| Graham Dickinson's grandparents came into town from Arizona one weekend, itching to take him to a theme park.
But the then-fifth-grader never made it out of the house. He was swamped with homework and spent the day indoors, finishing a writing project with his mom - missing the rare chance to hang out with his grandparents.
Students in the San Ramon Valley Unified School District know this type of scenario all too well, says his mother Kerry Dickinson. She's among the many parents who are pushing for the district to reevaluate its 13-year-old policy on homework.
"I have a radical view. I'd like to do away with all homework," Dickinson said.
High quantity and low quality homework - or "busy work" - is forcing some students to give up extracurricular activities and is invading family time, advocates of the reevaluation say. They believe limits on the amount of homework assigned should be reviewed and even eliminated in the younger grades.
"It all relates to wishing the schools would let us decide how to spend our evenings," Dickinson said.
Dickinson is part of the district's newly formed Home Work Task Force, made up of parents, teachers and staff with wide-ranging philosophies on after-school studies, from the traditional to the progressive.
The task force is now meeting to determine if and how the homework policy should be reevaluated.
"There are a lot of strong opinions about homework," said Kirby Hoy, district director of secondary education, who is facilitating the task force. "It's a good time to take a look at whether it should be revised."
The current policy states that homework should "extend learning that has already begun" and "help acquaint parents/guardians with the curriculum." It states that homework should be clearly assigned and purposeful.
There is no approximate figure mentioned for the amount assigned, in terms of work load or time frame. And there are no specifics about how much of a role parents are expected to play in assisting homework for younger students.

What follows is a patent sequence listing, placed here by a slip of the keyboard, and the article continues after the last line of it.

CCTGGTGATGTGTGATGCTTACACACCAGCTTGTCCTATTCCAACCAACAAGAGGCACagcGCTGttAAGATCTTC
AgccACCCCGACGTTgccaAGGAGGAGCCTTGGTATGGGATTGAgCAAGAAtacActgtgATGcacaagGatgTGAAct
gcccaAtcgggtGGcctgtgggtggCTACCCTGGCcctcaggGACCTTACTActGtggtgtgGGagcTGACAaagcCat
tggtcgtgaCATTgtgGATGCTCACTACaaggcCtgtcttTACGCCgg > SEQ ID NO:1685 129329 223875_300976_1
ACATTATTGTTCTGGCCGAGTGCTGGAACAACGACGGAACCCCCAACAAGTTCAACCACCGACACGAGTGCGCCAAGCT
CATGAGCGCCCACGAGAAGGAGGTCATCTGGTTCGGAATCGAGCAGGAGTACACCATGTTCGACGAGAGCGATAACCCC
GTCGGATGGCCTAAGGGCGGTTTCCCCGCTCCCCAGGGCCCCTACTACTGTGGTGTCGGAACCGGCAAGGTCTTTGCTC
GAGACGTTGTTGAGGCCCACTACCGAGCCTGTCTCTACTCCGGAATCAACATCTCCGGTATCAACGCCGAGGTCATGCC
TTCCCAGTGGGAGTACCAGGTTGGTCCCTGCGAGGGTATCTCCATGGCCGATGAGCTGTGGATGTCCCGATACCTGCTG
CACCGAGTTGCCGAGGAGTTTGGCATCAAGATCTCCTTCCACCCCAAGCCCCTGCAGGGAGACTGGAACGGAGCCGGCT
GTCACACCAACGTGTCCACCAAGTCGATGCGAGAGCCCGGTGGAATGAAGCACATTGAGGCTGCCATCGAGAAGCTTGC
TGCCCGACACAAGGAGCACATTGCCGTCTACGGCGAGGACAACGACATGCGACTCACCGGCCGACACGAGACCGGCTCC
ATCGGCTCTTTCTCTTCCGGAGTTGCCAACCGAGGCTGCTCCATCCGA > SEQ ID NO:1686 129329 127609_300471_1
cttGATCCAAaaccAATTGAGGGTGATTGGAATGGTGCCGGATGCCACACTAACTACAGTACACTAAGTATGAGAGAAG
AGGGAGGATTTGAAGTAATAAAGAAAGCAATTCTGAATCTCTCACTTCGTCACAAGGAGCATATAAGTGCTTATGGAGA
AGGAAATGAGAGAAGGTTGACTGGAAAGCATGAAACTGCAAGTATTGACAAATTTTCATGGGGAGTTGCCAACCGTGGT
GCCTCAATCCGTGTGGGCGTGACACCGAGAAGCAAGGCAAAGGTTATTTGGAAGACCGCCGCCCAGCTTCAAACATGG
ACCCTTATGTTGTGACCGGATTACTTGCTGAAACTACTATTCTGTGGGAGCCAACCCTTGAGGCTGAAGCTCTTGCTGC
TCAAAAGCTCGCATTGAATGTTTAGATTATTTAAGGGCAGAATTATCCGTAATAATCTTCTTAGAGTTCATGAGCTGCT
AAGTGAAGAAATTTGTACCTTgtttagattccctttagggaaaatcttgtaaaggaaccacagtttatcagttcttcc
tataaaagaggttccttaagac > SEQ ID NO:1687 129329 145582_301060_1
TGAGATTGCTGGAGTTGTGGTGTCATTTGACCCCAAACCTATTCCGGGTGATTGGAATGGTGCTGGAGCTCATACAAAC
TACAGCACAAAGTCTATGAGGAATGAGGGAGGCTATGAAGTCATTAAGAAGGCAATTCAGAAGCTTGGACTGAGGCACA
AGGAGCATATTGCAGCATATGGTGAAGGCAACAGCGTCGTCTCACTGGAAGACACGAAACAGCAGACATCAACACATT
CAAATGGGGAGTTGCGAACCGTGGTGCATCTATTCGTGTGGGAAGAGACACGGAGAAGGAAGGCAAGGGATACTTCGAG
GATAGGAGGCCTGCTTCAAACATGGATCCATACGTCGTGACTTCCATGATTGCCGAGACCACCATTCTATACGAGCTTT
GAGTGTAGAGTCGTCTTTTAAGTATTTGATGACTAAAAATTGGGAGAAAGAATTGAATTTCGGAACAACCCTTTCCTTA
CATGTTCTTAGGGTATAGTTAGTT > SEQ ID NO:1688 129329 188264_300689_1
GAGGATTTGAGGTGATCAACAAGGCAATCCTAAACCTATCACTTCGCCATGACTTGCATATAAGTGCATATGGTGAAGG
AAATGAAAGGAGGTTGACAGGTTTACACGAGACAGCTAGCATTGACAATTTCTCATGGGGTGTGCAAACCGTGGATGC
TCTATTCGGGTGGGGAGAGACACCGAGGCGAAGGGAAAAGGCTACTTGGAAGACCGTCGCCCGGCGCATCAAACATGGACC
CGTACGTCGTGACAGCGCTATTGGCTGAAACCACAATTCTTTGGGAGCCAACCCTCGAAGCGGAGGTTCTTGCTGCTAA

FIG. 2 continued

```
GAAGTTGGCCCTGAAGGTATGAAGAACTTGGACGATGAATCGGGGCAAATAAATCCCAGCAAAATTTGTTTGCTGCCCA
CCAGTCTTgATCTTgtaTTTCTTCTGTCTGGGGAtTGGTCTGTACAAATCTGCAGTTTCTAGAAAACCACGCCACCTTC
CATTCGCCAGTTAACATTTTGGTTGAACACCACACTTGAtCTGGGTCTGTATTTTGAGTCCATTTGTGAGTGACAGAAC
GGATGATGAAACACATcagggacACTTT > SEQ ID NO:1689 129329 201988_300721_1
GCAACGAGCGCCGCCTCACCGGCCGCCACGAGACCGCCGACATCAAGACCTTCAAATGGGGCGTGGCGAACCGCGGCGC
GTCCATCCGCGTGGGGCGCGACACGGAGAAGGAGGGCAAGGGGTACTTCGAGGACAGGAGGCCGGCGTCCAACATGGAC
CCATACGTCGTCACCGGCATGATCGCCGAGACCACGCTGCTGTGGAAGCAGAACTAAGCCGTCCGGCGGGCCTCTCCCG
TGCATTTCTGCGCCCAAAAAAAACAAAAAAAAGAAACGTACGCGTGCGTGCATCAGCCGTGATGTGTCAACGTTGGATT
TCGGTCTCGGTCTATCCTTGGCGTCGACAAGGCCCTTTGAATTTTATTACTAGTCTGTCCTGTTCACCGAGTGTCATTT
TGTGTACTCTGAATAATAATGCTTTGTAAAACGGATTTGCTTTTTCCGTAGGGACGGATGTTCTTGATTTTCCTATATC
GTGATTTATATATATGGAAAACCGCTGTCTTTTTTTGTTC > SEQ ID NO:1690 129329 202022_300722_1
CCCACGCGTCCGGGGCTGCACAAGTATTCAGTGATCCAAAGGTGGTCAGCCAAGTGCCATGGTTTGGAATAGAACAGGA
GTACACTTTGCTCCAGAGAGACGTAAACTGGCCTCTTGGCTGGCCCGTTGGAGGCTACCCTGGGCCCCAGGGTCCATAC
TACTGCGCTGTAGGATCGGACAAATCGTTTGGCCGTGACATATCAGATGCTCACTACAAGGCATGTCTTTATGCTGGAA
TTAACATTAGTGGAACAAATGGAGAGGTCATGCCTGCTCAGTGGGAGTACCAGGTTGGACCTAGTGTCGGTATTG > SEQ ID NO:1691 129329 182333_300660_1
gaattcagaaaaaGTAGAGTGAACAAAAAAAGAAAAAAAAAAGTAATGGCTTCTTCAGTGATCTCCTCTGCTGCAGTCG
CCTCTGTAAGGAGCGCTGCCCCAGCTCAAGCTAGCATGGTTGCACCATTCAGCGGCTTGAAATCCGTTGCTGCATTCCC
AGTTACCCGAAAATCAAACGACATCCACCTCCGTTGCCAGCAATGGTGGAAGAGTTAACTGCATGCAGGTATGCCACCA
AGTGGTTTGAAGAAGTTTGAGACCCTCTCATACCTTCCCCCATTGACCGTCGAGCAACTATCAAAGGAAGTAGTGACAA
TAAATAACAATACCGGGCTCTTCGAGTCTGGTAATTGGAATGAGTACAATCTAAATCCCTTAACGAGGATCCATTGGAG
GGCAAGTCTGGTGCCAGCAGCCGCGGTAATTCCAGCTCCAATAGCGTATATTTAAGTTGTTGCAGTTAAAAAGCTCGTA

Parents of middle-schoolers in the district report that their children spend anywhere from half an hour to six hours on homework per night, with most falling around the two-hour mark, according to an informal survey taken from 60 parents in the district in November.
According to the survey, by parents' estimation, only about 52 percent of homework assigned is "of a high quality."
One recent study from the Third International Study of Mathematics and Sciences demonstrates that homework doesn't help with academic achievement. The study, which took data from 41 countries, shows that countries with the least amount of homework actually exhibited higher academic achievement.
The highest scoring countries - like Japan and Denmark - assigned little or no homework, while low-scoring countries - like Iran and Thailand - assigned a large amount.
Parents are pointing to these studies as they emphasize more value should be put on hands-on, creative or athletic activities after a long day of academia. This helps their kids be well-rounded, they say.
Fans of the more traditional method of assigning homework, on the other hand, say homework teaches responsibility and discipline, and is a form of vocational training.
Denise Pope, Ph.D., author of "Doing School: How We Are Creating a Generation of Stressed-Out, Materialistic, and Miseducated Students," says the problem is that the way subjects are covered is "a mile long and an inch thick."
"We aspire to cover a lot of content in a not-so-deep way," she said.
Instead of wasting time on fact and date memorization, we should be teaching the skills to understand what it all means, she said. With the No Child Left Behind Act of 2001, many teachers are also feeling "put upon because they have a coverage expectation," she said.
Pope is a Stanford University school of education lecturer and has also been involved in a recent survey of 4,000 students at high achieving middle and high schools.
The survey shows that students who report spending three-and-a-half or more hours on homework per night are more likely to experience poor mental and physical health.
"Some kinds of homework are hazardous," Pope said.
In 2006, the American Academy of Pediatrics reported similar findings. The study showed that federal programs like the No Child Left Behind Act of 2001, along with parents who push children too hard academically, have resulted in too little unstructured playtime.
In the San Ramon Valley Unified School District, these are subjects some homework task force members have already been reviewing.
"I'm a big proponent of not over-scheduling our kids," Dickinson said.
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